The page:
Lemon Tree Plants
Botanical Name: Citrus Limon
Its common name is lemon. Having sharp thorns on its twigs. Evergreen and attractive container plant.
The lemon “Citrus limon” is a small evergreen tree. It belongs to Rutaceae family. Commonly it is known as lemon, limon, lime or nimbu. It is native to South Asian countries especially to North Eastern India. The lemon trees are known for their juicy fruits which are used for culinary and non-culinary purposes throughout the world. Its pulp and rind is also considered an important constituent in cooking. The juice has a characteristic sour taste due to the presence of 5% to 6% citric acid. The pH of juice is about 2.2 which also makes it sour. The fruit of lemon is a key ingredient of special drink including, Lemonade and Lemon meringue pie.
Lemon Trees Overview
Lemon trees have an upright growth habit. The tree can reach up to 3-6 m in height and live for many years. Their branches are few, large and have stiff thorns. The tree possess green leaves which are oblong or oval in shape. The flowers are purple-white, occurs in clusters. The lemon fruits are ellipsoid berry, which ripens to become yellow in colour.
Varieties or Cultivars of Lemon Trees
- The “Bonnie Brae” cultivars are mostly grown in San Diego, USA. Their fruits are oblong in shape, thin-skinned, smooth in texture and seedless.
- The “Eureka” cultivar is a common supermarket lemon. It is grown in abundance and is known as “Four season Lemon”. They produces fruits and flowers together throughout the year. It has relatively few seeds and the tree is virtually thornless
- The “Femminello St. Teresa” or “Sorrento” is another cultivar of lemon which is native to Italy. It is traditionally used in making of Limoncello.
- The “Yen Ben” is an Australasian cultivar.
How to propagate Lemon Trees
Lemon trees can be propagated through seeds and budding usually.
- Propagation of Lemon Trees through Seeds
Lemon trees seeds are collected and sown in the soil. The germination take place within 2-3 weeks. Seedlings should be water with care and kept ventilated. They should be grow in the greenhouse for at least three growing seasons. Then, they are planted outdoors in summer.
- Propagation of Lemon Trees through Buddings
Lemon trees budding should be carried out when seedlings have reached a diameter about 6-9 mm. Twigs should be collected from previous trees. These twigs should have well developed buds and then they are joined to rootstock. The collection should be made disease free as it spread diseases and damage trees. These twigs are trimmed to make budsticks which are up to 20-25 cm in length. The easiest way to join the budstick to the rootstock is by T-budding.
A sharp knife is used to make a vertical cut in the stem of rootstock up to 2.5-3.8 cm. A horizontal cut should be made at either the top or the bottom of the vertical cut to produce a “T-shape”. A piece of budstick is inserted into the cut on the rootstock by sliding it under the cut surface. Then both are joined together by wrapping the bud tape. After the union, the tape is moved. The best time to grow lemon plant is during spring but in warm areas, they can be planted throughout the year.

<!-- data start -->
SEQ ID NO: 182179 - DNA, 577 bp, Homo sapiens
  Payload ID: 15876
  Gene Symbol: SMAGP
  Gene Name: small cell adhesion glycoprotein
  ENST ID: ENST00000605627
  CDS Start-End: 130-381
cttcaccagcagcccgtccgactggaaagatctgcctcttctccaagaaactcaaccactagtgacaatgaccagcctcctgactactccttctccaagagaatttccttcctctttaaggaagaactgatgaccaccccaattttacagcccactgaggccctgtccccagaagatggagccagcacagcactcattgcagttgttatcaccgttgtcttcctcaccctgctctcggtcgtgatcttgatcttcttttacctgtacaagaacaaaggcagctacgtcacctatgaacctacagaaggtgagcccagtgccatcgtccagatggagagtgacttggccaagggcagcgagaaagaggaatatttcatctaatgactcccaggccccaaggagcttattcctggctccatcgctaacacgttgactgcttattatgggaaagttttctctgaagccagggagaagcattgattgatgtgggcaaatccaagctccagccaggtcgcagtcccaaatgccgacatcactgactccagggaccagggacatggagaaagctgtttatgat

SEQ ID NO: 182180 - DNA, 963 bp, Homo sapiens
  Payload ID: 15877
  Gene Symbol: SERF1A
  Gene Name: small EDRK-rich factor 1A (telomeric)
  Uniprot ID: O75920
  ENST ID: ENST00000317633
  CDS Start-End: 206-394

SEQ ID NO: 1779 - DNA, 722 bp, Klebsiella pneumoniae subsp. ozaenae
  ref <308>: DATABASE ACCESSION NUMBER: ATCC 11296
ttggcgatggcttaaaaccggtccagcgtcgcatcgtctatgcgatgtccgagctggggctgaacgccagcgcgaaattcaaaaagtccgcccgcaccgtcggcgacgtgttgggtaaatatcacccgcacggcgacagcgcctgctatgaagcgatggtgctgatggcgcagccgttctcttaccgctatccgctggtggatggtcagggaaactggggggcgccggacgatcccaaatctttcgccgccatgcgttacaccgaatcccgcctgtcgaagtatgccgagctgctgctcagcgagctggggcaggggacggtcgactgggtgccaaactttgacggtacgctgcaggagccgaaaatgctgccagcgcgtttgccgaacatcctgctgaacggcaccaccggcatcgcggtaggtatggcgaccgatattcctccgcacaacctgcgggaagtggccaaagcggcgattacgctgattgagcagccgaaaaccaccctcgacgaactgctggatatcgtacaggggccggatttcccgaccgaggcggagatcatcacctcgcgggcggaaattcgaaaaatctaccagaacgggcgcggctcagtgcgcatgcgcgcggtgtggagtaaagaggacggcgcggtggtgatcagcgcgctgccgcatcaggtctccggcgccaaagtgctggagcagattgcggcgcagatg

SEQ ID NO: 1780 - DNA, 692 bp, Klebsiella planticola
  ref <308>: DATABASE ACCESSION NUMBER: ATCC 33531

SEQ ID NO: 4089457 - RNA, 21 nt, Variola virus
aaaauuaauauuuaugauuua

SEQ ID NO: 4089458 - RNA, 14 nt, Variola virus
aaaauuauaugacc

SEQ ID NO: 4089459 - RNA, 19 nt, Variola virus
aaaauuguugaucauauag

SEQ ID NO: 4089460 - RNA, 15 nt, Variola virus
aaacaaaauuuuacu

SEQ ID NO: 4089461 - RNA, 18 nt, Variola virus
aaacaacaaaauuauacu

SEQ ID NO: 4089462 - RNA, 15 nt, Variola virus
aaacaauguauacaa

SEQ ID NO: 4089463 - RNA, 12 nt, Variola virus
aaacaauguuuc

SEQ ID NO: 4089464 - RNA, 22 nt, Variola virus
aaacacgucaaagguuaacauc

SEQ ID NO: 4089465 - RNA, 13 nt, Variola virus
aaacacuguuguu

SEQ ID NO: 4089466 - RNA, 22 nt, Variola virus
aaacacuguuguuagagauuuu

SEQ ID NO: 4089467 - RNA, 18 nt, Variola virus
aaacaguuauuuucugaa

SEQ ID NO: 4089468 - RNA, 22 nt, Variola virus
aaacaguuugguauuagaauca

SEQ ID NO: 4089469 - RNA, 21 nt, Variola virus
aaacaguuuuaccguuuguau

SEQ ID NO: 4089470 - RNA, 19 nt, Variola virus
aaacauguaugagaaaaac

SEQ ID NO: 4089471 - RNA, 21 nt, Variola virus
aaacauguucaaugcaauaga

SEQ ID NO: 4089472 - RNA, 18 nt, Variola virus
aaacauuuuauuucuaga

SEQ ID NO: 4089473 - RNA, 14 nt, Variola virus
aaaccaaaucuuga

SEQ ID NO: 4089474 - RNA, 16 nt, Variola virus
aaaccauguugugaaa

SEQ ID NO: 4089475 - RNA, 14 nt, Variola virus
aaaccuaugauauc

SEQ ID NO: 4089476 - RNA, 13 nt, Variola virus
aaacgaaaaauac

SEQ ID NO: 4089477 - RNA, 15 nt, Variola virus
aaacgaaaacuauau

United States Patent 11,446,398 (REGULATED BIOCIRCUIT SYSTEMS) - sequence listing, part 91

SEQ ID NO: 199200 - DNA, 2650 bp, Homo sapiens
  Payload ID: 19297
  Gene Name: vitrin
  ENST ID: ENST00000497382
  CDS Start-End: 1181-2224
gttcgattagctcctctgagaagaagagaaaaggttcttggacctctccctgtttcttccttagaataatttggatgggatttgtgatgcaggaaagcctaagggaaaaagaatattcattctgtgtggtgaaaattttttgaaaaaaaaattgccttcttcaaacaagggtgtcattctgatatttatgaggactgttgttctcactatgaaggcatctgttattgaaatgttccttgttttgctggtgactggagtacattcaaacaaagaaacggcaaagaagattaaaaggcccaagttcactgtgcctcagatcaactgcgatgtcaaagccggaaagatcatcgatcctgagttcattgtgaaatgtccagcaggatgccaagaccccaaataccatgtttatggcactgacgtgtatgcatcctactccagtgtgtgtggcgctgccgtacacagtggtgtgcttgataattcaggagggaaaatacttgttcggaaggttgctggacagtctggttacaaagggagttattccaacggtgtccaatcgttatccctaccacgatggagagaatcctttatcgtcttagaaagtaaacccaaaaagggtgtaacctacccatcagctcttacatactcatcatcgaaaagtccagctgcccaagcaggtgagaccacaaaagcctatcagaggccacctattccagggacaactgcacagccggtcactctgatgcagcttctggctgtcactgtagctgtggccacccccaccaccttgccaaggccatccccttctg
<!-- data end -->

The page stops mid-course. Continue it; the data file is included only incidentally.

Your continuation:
How to care of Lemon Trees
- Lemon plants grows well in well-drained soil with a pH ranges from 6 to 7.5.
- Seedlings need a minimum temperature of 7˚C when they are not hardy.
- Mature tree requires 26-28˚C but are sensitive to cold.
- Lemon trees grow best when placed in full sunlight.
- They require occasional pruning.
- Tallest branch is usually cut back to encourage bushy growth.
- They can tolerate drought conditions.
- Young trees require fertilizer every month in first year.
- Newly planted trees should be provided with water every 3–7 days.
- Young seedlings should be protected from frost by covering them in traps.
Nutritional analysis of Lemon
Lemon trees are planted worldwide as their fruits are rich source of vitamin C. However, other constituents are low in amount including, polyphenols and terpenes. Lemon juice contains citric acid about 47 g/L. This citric acid is nearly twice the citric acid contains in grapefruit juice and about 5 times high than the orange juice.
Uses of Lemon
Lemons are used in variety of foods and drinks. They are frequently used to make marmalades and lemon curds. Lemon rind and slices are used as garnish in many recipes. They are also used to add flavor in roasted food. Lemon zest (the outer rind of fruit) is used to add essence and flavor to rice, puddings and baked food. It is rich in vitamin C which helps the body to fight off infections.
Lemon juice is usually used a common summer drink. It is also used as a short-term preservative on certain food products.
Lemon oil is extracted from lemon oil-containing cells. A machine is used to break up cells and release oil. This oil is separated or filtered by centrifugation. Lemon oil is used in aromatherapy and may contribute to human relaxation.
Lemon Tree Leaves
The lemon leaves re used to make tea and to cooked seafood.